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Understanding Body Language: Submissiveness

The foundation of any behavioral analysis program begins with a deep understanding of what a person is conveying through their nonverbal communication.  Tying the domains Kinesics and Biometrics together allow us to quickly make decisions about a person’s intentions, capabilities and emotions.

The six clusters that we use to classify an individual’s behavior (Dominant, Submissiveness, Uncomfortable, Comfortable, Interested, Uninterested) are the science behind our observations.  With all of these clusters, don’t forget about the Combat Rule of 3’s – that we are going to look for three indicators that all lead to the same cluster before we make a decision.  If you have the science part of the observation down, you are ready to apply the art of the observation and decide if that cluster you have identified fits the baseline or is an anomaly.

The Submissive Cluster

The Submissive Cluster is the exact opposite of the Dominant Cluster and shows the absence of the “fight” response.  A submissive person may have decided that their best chance for survival is to not put up a fight and to not further anger the person who has asserted their dominance.  This cluster is identified by people who have unconsciously attempted to make themselves appear smaller, open, and non-threatening.  Seeing three of the indicators below can lead to make a determination of “Submissive.”

Lower Body

–       Seated – feet and legs crossed and tucked underneath chair (making themselves look smaller)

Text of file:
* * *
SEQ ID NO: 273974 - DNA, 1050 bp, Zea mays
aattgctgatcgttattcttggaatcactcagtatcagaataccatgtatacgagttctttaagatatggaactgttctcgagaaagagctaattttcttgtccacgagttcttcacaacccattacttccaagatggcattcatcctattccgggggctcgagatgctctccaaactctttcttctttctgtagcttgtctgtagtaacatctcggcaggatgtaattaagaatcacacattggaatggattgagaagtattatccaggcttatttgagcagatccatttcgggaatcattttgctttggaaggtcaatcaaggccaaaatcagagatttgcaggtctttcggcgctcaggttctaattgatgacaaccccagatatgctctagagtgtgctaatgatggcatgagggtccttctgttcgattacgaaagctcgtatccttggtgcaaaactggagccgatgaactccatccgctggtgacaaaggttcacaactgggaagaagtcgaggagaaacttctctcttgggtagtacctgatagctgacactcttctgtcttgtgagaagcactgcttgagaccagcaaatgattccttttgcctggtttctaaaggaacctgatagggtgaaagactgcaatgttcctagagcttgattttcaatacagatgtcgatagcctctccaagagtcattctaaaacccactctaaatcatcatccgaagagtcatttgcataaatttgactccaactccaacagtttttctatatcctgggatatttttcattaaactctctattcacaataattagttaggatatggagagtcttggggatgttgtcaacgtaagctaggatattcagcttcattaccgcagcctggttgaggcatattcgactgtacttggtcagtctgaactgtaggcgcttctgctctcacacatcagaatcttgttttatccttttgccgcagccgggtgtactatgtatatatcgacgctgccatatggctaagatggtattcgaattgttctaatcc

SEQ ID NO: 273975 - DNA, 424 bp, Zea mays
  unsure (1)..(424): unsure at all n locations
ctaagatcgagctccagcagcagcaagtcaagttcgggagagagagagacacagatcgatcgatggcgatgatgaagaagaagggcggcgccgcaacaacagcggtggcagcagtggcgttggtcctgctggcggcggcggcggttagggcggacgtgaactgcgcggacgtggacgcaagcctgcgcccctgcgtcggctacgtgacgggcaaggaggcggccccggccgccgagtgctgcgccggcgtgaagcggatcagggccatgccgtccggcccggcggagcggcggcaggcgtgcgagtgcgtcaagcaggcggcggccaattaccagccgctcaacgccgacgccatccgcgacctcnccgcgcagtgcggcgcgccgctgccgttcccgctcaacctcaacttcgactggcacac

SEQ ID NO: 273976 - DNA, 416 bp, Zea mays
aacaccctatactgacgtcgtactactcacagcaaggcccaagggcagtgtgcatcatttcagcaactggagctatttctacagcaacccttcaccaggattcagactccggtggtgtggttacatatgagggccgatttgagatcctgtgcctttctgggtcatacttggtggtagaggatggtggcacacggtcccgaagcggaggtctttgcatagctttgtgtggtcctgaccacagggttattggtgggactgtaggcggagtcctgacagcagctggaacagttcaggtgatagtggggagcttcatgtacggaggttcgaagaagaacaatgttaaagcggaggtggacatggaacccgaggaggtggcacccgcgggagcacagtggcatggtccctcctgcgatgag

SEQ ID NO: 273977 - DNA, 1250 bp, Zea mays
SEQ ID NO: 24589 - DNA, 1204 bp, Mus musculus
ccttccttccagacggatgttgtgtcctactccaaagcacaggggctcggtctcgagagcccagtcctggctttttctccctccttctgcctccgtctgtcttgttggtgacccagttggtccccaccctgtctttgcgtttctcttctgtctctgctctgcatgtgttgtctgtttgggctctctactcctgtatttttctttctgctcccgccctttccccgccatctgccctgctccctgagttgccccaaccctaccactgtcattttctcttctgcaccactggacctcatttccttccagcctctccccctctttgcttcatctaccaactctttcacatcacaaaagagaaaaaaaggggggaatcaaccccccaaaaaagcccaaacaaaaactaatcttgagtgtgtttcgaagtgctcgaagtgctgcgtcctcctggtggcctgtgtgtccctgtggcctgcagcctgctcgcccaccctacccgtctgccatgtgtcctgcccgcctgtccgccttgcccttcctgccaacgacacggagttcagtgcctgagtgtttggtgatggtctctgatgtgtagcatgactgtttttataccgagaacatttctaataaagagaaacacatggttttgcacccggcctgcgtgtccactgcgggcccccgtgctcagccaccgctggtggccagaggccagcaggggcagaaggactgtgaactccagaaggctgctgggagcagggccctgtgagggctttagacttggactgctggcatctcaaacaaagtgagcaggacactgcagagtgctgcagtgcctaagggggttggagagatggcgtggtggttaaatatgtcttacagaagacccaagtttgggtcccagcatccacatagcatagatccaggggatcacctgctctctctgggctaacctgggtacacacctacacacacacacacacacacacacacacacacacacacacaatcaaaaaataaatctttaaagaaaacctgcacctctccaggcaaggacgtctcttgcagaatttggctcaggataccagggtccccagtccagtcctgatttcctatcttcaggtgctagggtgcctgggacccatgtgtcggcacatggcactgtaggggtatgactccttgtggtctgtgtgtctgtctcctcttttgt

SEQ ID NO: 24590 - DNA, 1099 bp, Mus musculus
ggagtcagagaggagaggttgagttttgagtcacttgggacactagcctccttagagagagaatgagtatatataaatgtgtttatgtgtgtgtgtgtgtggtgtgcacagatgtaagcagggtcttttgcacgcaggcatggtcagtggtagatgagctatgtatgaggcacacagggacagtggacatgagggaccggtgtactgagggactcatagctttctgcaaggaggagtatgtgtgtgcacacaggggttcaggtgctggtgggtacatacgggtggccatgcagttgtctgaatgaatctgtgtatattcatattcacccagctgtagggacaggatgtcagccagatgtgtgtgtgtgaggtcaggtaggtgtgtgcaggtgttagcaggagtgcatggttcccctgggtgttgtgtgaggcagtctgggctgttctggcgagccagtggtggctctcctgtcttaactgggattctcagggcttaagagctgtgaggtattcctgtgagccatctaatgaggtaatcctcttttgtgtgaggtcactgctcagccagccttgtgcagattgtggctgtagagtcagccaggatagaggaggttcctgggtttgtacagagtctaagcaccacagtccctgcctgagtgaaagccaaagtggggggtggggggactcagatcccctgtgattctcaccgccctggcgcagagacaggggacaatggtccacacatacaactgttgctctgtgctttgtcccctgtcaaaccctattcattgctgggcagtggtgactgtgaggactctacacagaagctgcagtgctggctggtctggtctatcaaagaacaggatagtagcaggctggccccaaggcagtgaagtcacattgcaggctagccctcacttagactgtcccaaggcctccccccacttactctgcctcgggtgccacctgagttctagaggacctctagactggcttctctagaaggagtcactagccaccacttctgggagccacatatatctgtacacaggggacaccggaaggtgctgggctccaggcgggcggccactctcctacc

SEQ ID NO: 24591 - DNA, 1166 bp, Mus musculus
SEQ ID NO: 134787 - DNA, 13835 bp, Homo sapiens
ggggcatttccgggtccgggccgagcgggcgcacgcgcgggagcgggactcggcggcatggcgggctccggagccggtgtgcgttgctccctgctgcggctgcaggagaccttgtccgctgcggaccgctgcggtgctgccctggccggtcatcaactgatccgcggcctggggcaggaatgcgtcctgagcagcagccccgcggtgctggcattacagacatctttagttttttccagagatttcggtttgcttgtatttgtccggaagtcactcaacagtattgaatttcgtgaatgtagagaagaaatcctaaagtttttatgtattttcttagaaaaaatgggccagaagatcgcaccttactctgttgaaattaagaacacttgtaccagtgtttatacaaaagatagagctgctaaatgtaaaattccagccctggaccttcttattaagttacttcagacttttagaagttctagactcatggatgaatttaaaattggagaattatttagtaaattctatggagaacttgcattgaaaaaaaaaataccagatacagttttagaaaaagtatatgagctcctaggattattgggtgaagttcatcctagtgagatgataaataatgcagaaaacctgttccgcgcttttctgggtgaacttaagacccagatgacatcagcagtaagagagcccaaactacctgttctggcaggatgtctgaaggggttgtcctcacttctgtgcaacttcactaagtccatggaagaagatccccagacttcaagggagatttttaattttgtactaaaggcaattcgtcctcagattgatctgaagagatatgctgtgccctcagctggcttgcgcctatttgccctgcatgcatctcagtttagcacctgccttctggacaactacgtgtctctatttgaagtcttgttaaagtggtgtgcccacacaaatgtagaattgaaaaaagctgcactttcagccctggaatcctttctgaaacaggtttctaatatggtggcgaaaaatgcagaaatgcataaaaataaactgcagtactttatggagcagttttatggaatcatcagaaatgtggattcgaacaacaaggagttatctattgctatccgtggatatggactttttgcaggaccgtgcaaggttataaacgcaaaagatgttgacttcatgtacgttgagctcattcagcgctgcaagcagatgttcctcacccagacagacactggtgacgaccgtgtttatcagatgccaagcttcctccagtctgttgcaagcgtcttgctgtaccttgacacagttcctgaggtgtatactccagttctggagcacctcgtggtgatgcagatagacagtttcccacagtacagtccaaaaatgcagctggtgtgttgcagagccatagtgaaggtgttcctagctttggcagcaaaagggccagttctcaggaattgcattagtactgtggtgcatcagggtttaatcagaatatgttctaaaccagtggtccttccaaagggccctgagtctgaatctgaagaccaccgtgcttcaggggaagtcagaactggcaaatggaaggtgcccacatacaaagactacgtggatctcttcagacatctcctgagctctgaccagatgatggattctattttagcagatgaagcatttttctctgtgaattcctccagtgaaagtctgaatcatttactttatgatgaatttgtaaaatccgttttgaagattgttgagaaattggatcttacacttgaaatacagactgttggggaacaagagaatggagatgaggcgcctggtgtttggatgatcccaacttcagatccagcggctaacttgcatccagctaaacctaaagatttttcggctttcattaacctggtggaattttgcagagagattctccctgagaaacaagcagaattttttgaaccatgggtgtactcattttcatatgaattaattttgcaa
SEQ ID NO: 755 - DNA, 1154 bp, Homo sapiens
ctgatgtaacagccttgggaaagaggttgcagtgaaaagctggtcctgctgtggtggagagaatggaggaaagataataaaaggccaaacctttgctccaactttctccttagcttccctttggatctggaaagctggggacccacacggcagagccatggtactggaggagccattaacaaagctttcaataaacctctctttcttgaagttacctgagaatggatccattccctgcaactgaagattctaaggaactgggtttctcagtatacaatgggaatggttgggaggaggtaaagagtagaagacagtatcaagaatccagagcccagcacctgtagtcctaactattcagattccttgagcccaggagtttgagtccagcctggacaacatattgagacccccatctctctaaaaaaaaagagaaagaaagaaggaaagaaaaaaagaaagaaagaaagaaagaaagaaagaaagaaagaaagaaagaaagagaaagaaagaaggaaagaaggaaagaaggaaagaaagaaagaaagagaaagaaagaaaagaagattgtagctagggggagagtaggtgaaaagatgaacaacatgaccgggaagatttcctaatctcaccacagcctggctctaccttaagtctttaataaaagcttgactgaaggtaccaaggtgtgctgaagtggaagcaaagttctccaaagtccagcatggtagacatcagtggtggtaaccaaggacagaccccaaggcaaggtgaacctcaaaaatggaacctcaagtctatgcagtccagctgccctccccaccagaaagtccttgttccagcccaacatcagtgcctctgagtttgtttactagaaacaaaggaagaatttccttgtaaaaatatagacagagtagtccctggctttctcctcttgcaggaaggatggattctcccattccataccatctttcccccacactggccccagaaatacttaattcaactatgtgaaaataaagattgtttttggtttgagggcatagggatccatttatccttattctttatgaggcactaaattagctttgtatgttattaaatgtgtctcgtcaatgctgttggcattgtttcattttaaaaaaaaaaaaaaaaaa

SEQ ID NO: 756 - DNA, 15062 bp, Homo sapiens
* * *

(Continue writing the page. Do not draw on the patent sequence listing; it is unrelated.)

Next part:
–       Seated – feet wrapped around legs of chair (seeking stability and security)

–       Legs will often not be used as barrier as it could offend the dominant person, unless person is in a self-protect mode

Upper Body

–       Leaning forward, making their body smaller and less threatening

–       Torso could be open and exposed if the submissiveness is in a non-threatening situation such as interacting with a boss

–       Arms pulled in (non-threatening, pulling arms in)

–       Wrists exposed in greeting (vulnerable) open palms show that there is no threat

–       Shoulders lowered (protecting carotid artery)

–       May show closed off indicators and protection indicators from uncomfortable cluster if trying to protect themselves

Other Indicators

–      Facial expressions of fear, sadness, or “fake” happiness

–       Forced smiles, movement only with the mouth and not the eyes

–       People will remain fairly motionless, to not attract any unnecessary attention and reduce the chances of being seen (elements of freeze response)

–       Gaze will be away from the person as to not offend them, staring is a sign of dominance

–       Eyes may be wide, signaling vulnerability while also showing cues of fear

–       Person may be pale

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